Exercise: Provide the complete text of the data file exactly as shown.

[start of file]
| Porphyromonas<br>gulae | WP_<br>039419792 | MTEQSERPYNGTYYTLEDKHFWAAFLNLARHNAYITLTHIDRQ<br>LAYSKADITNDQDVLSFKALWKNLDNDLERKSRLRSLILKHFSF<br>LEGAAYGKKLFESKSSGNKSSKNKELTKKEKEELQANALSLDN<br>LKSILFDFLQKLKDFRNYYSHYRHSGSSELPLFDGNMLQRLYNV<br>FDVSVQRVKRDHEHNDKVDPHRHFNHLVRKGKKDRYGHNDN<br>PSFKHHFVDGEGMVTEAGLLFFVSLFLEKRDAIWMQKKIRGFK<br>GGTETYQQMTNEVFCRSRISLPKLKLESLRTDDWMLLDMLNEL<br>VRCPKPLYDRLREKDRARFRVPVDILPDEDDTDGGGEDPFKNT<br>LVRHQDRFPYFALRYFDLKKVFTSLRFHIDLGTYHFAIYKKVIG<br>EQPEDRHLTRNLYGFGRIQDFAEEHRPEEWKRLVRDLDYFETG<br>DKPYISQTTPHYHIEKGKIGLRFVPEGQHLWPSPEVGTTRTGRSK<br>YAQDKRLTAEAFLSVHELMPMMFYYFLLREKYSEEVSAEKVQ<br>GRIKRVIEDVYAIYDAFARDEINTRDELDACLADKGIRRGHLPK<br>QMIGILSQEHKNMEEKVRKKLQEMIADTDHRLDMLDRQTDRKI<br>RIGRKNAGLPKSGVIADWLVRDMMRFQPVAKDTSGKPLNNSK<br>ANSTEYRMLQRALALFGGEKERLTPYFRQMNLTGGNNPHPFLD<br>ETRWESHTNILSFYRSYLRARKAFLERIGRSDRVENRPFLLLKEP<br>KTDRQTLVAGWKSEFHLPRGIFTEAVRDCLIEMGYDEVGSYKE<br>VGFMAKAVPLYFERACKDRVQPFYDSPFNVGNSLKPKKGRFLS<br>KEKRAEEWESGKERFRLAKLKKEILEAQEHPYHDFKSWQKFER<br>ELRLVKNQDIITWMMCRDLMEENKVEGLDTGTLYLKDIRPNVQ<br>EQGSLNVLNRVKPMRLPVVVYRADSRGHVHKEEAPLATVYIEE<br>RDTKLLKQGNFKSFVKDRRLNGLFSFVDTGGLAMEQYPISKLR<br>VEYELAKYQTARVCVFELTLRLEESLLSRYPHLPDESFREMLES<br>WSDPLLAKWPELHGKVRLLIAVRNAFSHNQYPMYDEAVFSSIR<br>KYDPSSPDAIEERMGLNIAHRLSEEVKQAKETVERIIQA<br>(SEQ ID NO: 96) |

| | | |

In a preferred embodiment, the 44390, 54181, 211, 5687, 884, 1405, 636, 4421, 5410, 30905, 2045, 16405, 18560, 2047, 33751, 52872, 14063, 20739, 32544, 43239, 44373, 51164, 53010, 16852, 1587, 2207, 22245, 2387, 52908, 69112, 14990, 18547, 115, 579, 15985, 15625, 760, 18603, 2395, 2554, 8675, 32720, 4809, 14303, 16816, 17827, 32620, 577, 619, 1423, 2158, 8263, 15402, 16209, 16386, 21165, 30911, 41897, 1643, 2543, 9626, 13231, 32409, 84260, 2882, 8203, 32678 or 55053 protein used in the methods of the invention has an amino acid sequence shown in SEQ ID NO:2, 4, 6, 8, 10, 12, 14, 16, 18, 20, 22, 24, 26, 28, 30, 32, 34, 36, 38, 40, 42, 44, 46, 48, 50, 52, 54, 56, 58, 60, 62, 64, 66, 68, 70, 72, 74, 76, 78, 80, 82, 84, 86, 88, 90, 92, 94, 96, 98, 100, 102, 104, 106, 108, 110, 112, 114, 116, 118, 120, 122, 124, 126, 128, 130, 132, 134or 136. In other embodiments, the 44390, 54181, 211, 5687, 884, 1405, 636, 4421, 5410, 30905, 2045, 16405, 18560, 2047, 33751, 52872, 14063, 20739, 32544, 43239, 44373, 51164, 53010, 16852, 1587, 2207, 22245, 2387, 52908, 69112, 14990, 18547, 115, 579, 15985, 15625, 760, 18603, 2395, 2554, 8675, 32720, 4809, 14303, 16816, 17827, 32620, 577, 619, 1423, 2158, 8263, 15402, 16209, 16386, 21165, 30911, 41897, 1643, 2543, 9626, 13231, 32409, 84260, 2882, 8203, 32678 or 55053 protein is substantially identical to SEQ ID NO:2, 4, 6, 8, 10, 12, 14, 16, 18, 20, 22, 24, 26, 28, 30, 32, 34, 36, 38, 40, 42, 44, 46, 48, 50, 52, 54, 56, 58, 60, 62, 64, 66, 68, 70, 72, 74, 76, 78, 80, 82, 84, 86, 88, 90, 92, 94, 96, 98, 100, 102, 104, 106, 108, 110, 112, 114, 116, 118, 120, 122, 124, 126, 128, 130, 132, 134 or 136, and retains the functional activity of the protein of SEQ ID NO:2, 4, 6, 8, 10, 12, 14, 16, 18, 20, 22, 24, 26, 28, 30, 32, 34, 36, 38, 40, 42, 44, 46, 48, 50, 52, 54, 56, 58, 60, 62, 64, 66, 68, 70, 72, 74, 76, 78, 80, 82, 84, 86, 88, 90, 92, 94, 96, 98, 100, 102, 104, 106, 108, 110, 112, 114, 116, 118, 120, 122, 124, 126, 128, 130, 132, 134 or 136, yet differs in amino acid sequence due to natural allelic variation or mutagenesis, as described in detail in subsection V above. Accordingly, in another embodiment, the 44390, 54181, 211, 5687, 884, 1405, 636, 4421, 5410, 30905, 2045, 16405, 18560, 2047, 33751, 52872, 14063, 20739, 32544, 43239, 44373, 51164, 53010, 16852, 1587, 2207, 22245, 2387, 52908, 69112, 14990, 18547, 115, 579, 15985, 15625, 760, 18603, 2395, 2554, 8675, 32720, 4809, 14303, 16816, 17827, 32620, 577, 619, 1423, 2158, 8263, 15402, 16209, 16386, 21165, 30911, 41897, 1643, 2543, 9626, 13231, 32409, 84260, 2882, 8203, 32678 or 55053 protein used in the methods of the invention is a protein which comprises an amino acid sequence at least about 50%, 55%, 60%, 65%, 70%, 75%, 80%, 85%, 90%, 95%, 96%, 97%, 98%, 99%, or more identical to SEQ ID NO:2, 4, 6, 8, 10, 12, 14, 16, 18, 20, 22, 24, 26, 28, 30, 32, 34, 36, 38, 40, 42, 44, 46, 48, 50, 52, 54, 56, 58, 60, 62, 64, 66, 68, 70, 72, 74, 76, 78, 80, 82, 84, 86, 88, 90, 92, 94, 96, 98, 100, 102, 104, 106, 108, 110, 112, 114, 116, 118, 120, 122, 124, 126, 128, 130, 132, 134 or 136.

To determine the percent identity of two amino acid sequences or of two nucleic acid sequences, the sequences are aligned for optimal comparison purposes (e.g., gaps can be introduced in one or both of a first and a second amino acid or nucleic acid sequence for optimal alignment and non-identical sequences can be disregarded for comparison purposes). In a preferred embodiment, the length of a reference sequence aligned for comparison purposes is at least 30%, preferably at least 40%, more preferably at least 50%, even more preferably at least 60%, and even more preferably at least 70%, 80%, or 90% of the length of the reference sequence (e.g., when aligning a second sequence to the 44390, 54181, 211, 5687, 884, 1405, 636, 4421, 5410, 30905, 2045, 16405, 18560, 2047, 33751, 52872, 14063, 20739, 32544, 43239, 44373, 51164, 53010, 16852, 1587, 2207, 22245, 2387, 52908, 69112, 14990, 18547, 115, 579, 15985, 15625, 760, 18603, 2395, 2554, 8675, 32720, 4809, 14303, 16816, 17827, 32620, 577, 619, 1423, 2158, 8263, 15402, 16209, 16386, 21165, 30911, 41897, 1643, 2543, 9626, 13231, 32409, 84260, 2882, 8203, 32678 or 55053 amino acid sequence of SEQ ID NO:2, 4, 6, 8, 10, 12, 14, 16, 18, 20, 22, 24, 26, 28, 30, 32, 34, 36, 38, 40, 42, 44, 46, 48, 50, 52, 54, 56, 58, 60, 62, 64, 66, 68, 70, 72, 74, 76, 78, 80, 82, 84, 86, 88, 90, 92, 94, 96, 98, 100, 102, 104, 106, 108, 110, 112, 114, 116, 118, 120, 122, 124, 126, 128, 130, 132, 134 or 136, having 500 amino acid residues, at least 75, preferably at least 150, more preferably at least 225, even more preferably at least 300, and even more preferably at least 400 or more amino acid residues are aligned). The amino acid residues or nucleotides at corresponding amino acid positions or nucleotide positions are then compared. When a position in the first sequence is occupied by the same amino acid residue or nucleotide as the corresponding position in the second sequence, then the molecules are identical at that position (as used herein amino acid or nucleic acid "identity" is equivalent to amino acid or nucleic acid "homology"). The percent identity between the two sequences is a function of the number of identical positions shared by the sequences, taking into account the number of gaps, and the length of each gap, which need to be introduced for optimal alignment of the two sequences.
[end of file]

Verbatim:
| Porphyromonas<br>gulae | WP_<br>039419792 | MTEQSERPYNGTYYTLEDKHFWAAFLNLARHNAYITLTHIDRQ<br>LAYSKADITNDQDVLSFKALWKNLDNDLERKSRLRSLILKHFSF<br>LEGAAYGKKLFESKSSGNKSSKNKELTKKEKEELQANALSLDN<br>LKSILFDFLQKLKDFRNYYSHYRHSGSSELPLFDGNMLQRLYNV<br>FDVSVQRVKRDHEHNDKVDPHRHFNHLVRKGKKDRYGHNDN<br>PSFKHHFVDGEGMVTEAGLLFFVSLFLEKRDAIWMQKKIRGFK<br>GGTETYQQMTNEVFCRSRISLPKLKLESLRTDDWMLLDMLNEL<br>VRCPKPLYDRLREKDRARFRVPVDILPDEDDTDGGGEDPFKNT<br>LVRHQDRFPYFALRYFDLKKVFTSLRFHIDLGTYHFAIYKKVIG<br>EQPEDRHLTRNLYGFGRIQDFAEEHRPEEWKRLVRDLDYFETG<br>DKPYISQTTPHYHIEKGKIGLRFVPEGQHLWPSPEVGTTRTGRSK<br>YAQDKRLTAEAFLSVHELMPMMFYYFLLREKYSEEVSAEKVQ<br>GRIKRVIEDVYAIYDAFARDEINTRDELDACLADKGIRRGHLPK<br>QMIGILSQEHKNMEEKVRKKLQEMIADTDHRLDMLDRQTDRKI<br>RIGRKNAGLPKSGVIADWLVRDMMRFQPVAKDTSGKPLNNSK<br>ANSTEYRMLQRALALFGGEKERLTPYFRQMNLTGGNNPHPFLD<br>ETRWESHTNILSFYRSYLRARKAFLERIGRSDRVENRPFLLLKEP<br>KTDRQTLVAGWKSEFHLPRGIFTEAVRDCLIEMGYDEVGSYKE<br>VGFMAKAVPLYFERACKDRVQPFYDSPFNVGNSLKPKKGRFLS<br>KEKRAEEWESGKERFRLAKLKKEILEAQEHPYHDFKSWQKFER<br>ELRLVKNQDIITWMMCRDLMEENKVEGLDTGTLYLKDIRPNVQ<br>EQGSLNVLNRVKPMRLPVVVYRADSRGHVHKEEAPLATVYIEE<br>RDTKLLKQGNFKSFVKDRRLNGLFSFVDTGGLAMEQYPISKLR<br>VEYELAKYQTARVCVFELTLRLEESLLSRYPHLPDESFREMLES<br>WSDPLLAKWPELHGKVRLLIAVRNAFSHNQYPMYDEAVFSSIR<br>KYDPSSPDAIEERMGLNIAHRLSEEVKQAKETVERIIQA<br>(SEQ ID NO: 96) |

| | | |

In a preferred embodiment, the 44390, 54181, 211, 5687, 884, 1405, 636, 4421, 5410, 30905, 2045, 16405, 18560, 2047, 33751, 52872, 14063, 20739, 32544, 43239, 44373, 51164, 53010, 16852, 1587, 2207, 22245, 2387, 52908, 69112, 14990, 18547, 115, 579, 15985, 15625, 760, 18603, 2395, 2554, 8675, 32720, 4809, 14303, 16816, 17827, 32620, 577, 619, 1423, 2158, 8263, 15402, 16209, 16386, 21165, 30911, 41897, 1643, 2543, 9626, 13231, 32409, 84260, 2882, 8203, 32678 or 55053 protein used in the methods of the invention has an amino acid sequence shown in SEQ ID NO:2, 4, 6, 8, 10, 12, 14, 16, 18, 20, 22, 24, 26, 28, 30, 32, 34, 36, 38, 40, 42, 44, 46, 48, 50, 52, 54, 56, 58, 60, 62, 64, 66, 68, 70, 72, 74, 76, 78, 80, 82, 84, 86, 88, 90, 92, 94, 96, 98, 100, 102, 104, 106, 108, 110, 112, 114, 116, 118, 120, 122, 124, 126, 128, 130, 132, 134or 136. In other embodiments, the 44390, 54181, 211, 5687, 884, 1405, 636, 4421, 5410, 30905, 2045, 16405, 18560, 2047, 33751, 52872, 14063, 20739, 32544, 43239, 44373, 51164, 53010, 16852, 1587, 2207, 22245, 2387, 52908, 69112, 14990, 18547, 115, 579, 15985, 15625, 760, 18603, 2395, 2554, 8675, 32720, 4809, 14303, 16816, 17827, 32620, 577, 619, 1423, 2158, 8263, 15402, 16209, 16386, 21165, 30911, 41897, 1643, 2543, 9626, 13231, 32409, 84260, 2882, 8203, 32678 or 55053 protein is substantially identical to SEQ ID NO:2, 4, 6, 8, 10, 12, 14, 16, 18, 20, 22, 24, 26, 28, 30, 32, 34, 36, 38, 40, 42, 44, 46, 48, 50, 52, 54, 56, 58, 60, 62, 64, 66, 68, 70, 72, 74, 76, 78, 80, 82, 84, 86, 88, 90, 92, 94, 96, 98, 100, 102, 104, 106, 108, 110, 112, 114, 116, 118, 120, 122, 124, 126, 128, 130, 132, 134 or 136, and retains the functional activity of the protein of SEQ ID NO:2, 4, 6, 8, 10, 12, 14, 16, 18, 20, 22, 24, 26, 28, 30, 32, 34, 36, 38, 40, 42, 44, 46, 48, 50, 52, 54, 56, 58, 60, 62, 64, 66, 68, 70, 72, 74, 76, 78, 80, 82, 84, 86, 88, 90, 92, 94, 96, 98, 100, 102, 104, 106, 108, 110, 112, 114, 116, 118, 120, 122, 124, 126, 128, 130, 132, 134 or 136, yet differs in amino acid sequence due to natural allelic variation or mutagenesis, as described in detail in subsection V above. Accordingly, in another embodiment, the 44390, 54181, 211, 5687, 884, 1405, 636, 4421, 5410, 30905, 2045, 16405, 18560, 2047, 33751, 52872, 14063, 20739, 32544, 43239, 44373, 51164, 53010, 16852, 1587, 2207, 22245, 2387, 52908, 69112, 14990, 18547, 115, 579, 15985, 15625, 760, 18603, 2395, 2554, 8675, 32720, 4809, 14303, 16816, 17827, 32620, 577, 619, 1423, 2158, 8263, 15402, 16209, 16386, 21165, 30911, 41897, 1643, 2543, 9626, 13231, 32409, 84260, 2882, 8203, 32678 or 55053 protein used in the methods of the invention is a protein which comprises an amino acid sequence at least about 50%, 55%, 60%, 65%, 70%, 75%, 80%, 85%, 90%, 95%, 96%, 97%, 98%, 99%, or more identical to SEQ ID NO:2, 4, 6, 8, 10, 12, 14, 16, 18, 20, 22, 24, 26, 28, 30, 32, 34, 36, 38, 40, 42, 44, 46, 48, 50, 52, 54, 56, 58, 60, 62, 64, 66, 68, 70, 72, 74, 76, 78, 80, 82, 84, 86, 88, 90, 92, 94, 96, 98, 100, 102, 104, 106, 108, 110, 112, 114, 116, 118, 120, 122, 124, 126, 128, 130, 132, 134 or 136.

To determine the percent identity of two amino acid sequences or of two nucleic acid sequences, the sequences are aligned for optimal comparison purposes (e.g., gaps can be introduced in one or both of a first and a second amino acid or nucleic acid sequence for optimal alignment and non-identical sequences can be disregarded for comparison purposes). In a preferred embodiment, the length of a reference sequence aligned for comparison purposes is at least 30%, preferably at least 40%, more preferably at least 50%, even more preferably at least 60%, and even more preferably at least 70%, 80%, or 90% of the length of the reference sequence (e.g., when aligning a second sequence to the 44390, 54181, 211, 5687, 884, 1405, 636, 4421, 5410, 30905, 2045, 16405, 18560, 2047, 33751, 52872, 14063, 20739, 32544, 43239, 44373, 51164, 53010, 16852, 1587, 2207, 22245, 2387, 52908, 69112, 14990, 18547, 115, 579, 15985, 15625, 760, 18603, 2395, 2554, 8675, 32720, 4809, 14303, 16816, 17827, 32620, 577, 619, 1423, 2158, 8263, 15402, 16209, 16386, 21165, 30911, 41897, 1643, 2543, 9626, 13231, 32409, 84260, 2882, 8203, 32678 or 55053 amino acid sequence of SEQ ID NO:2, 4, 6, 8, 10, 12, 14, 16, 18, 20, 22, 24, 26, 28, 30, 32, 34, 36, 38, 40, 42, 44, 46, 48, 50, 52, 54, 56, 58, 60, 62, 64, 66, 68, 70, 72, 74, 76, 78, 80, 82, 84, 86, 88, 90, 92, 94, 96, 98, 100, 102, 104, 106, 108, 110, 112, 114, 116, 118, 120, 122, 124, 126, 128, 130, 132, 134 or 136, having 500 amino acid residues, at least 75, preferably at least 150, more preferably at least 225, even more preferably at least 300, and even more preferably at least 400 or more amino acid residues are aligned). The amino acid residues or nucleotides at corresponding amino acid positions or nucleotide positions are then compared. When a position in the first sequence is occupied by the same amino acid residue or nucleotide as the corresponding position in the second sequence, then the molecules are identical at that position (as used herein amino acid or nucleic acid "identity" is equivalent to amino acid or nucleic acid "homology"). The percent identity between the two sequences is a function of the number of identical positions shared by the sequences, taking into account the number of gaps, and the length of each gap, which need to be introduced for optimal alignment of the two sequences.